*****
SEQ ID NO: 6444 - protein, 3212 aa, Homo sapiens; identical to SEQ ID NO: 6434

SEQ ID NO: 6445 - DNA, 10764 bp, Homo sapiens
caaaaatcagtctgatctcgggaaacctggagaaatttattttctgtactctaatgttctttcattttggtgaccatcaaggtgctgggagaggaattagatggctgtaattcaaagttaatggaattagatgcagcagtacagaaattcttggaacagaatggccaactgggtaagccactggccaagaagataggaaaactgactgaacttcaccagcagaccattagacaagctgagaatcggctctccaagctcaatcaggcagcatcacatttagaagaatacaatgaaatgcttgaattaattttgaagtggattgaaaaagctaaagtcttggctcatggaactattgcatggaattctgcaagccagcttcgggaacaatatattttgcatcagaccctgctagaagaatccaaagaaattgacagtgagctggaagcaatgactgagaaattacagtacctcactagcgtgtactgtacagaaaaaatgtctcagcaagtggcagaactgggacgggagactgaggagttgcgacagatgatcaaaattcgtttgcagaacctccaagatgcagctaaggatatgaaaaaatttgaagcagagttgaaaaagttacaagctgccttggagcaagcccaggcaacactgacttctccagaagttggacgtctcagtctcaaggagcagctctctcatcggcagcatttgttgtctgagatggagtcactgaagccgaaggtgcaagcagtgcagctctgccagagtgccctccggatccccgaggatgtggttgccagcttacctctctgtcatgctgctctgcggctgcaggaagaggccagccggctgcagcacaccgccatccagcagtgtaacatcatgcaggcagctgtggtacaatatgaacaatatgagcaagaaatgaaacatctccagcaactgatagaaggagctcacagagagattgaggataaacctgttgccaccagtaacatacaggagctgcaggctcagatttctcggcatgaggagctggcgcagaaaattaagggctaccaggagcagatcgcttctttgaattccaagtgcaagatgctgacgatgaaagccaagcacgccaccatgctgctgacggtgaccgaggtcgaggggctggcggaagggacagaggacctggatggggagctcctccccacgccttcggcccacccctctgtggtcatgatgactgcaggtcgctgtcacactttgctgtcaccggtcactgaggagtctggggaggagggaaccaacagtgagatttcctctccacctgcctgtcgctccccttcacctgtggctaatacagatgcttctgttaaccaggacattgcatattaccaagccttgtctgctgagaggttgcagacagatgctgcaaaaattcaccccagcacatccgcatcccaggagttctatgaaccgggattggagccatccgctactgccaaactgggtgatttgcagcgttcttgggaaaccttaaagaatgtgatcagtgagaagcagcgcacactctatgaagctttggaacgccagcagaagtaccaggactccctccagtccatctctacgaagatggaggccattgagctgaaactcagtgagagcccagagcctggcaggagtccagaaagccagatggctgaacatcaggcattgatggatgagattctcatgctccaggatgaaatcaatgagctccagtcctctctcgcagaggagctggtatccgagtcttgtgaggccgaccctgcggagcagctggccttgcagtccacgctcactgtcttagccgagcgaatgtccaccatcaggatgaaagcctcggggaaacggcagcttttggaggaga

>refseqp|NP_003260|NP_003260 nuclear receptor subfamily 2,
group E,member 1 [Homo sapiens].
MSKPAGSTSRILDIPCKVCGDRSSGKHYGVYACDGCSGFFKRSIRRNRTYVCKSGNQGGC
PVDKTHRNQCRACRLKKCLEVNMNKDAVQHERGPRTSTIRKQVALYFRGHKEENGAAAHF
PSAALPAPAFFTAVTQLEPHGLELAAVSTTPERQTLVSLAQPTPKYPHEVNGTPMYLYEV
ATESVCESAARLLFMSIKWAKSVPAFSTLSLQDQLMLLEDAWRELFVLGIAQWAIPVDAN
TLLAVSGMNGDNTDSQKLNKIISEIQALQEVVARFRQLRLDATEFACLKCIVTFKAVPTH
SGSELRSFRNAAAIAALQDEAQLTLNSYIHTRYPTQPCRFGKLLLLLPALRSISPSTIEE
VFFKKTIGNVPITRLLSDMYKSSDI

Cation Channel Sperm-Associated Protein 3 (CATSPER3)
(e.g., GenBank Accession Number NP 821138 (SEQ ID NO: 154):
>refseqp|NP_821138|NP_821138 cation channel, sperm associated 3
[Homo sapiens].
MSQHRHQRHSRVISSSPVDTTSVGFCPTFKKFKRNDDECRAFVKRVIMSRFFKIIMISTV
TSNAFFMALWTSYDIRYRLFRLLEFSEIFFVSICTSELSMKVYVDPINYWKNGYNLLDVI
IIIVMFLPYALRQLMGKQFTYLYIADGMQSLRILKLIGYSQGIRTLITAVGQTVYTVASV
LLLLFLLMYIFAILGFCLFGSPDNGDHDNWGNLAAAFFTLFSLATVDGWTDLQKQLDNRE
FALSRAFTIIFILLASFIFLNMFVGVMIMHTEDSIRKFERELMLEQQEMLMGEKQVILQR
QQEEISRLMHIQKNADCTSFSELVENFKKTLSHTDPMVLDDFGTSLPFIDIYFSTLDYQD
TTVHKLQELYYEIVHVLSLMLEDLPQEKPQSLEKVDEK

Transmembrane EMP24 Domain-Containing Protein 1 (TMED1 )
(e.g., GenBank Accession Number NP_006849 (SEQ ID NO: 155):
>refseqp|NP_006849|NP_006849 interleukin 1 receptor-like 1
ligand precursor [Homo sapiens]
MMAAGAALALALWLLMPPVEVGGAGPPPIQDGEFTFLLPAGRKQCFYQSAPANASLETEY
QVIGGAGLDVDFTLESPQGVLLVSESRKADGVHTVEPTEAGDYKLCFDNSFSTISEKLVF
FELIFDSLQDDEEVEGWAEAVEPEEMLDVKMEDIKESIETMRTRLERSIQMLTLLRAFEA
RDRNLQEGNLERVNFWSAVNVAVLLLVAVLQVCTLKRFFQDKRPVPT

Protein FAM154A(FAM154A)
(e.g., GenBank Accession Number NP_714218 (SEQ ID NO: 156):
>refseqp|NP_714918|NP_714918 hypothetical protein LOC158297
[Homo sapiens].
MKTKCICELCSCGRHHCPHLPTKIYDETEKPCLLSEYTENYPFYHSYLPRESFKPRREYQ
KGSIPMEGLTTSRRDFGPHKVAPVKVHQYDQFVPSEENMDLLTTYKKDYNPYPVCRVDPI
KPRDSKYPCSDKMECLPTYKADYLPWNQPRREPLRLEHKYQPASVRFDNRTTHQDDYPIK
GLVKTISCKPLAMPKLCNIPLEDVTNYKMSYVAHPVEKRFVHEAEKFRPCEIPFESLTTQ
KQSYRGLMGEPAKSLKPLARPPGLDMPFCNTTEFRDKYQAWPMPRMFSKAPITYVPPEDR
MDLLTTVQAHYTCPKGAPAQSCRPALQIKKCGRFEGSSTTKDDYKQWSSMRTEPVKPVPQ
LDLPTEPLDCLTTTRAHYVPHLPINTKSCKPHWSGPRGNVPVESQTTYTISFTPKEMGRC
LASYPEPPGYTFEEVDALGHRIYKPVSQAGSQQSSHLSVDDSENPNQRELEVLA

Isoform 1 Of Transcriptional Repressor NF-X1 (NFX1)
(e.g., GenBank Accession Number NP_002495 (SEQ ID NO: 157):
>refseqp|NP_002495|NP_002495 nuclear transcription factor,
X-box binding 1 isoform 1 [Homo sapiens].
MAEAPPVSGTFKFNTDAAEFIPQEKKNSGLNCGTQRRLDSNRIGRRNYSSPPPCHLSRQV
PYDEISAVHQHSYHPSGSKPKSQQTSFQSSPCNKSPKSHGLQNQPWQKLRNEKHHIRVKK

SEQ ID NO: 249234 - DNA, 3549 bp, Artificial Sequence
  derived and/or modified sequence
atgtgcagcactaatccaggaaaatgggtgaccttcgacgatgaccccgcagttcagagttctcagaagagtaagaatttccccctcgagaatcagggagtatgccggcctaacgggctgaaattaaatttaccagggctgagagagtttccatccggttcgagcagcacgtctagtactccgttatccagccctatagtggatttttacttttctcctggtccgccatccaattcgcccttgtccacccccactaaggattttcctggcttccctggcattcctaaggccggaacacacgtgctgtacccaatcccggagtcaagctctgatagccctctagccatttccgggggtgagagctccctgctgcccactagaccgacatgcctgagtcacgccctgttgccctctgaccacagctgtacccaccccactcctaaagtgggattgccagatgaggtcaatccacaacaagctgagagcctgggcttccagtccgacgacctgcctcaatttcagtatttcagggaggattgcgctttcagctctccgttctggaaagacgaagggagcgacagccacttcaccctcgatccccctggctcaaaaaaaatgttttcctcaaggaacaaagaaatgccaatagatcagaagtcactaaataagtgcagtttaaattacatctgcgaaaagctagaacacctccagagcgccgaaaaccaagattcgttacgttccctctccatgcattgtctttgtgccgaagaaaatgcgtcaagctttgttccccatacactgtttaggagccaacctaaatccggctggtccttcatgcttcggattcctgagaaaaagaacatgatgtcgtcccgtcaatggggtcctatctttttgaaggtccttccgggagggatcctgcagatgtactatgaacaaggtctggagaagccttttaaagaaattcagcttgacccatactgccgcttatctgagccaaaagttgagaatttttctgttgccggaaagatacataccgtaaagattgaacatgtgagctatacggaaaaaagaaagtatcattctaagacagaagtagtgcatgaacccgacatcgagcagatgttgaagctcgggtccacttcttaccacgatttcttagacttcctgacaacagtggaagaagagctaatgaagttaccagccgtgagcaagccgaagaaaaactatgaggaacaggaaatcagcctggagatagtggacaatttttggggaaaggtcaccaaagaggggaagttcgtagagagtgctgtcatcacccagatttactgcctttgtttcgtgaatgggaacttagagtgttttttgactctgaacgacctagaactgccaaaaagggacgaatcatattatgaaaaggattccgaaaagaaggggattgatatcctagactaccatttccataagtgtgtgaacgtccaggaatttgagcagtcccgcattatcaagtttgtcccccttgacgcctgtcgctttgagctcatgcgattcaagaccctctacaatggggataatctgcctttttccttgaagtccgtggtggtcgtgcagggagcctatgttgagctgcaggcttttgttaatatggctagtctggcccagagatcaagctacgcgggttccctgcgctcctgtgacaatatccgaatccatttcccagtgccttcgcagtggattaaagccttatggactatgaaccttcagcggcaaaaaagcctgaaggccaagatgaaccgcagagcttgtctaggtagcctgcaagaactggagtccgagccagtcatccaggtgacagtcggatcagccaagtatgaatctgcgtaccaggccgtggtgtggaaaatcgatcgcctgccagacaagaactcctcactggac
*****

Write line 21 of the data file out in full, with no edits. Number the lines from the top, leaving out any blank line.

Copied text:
FALSRAFTIIFILLASFIFLNMFVGVMIMHTEDSIRKFERELMLEQQEMLMGEKQVILQR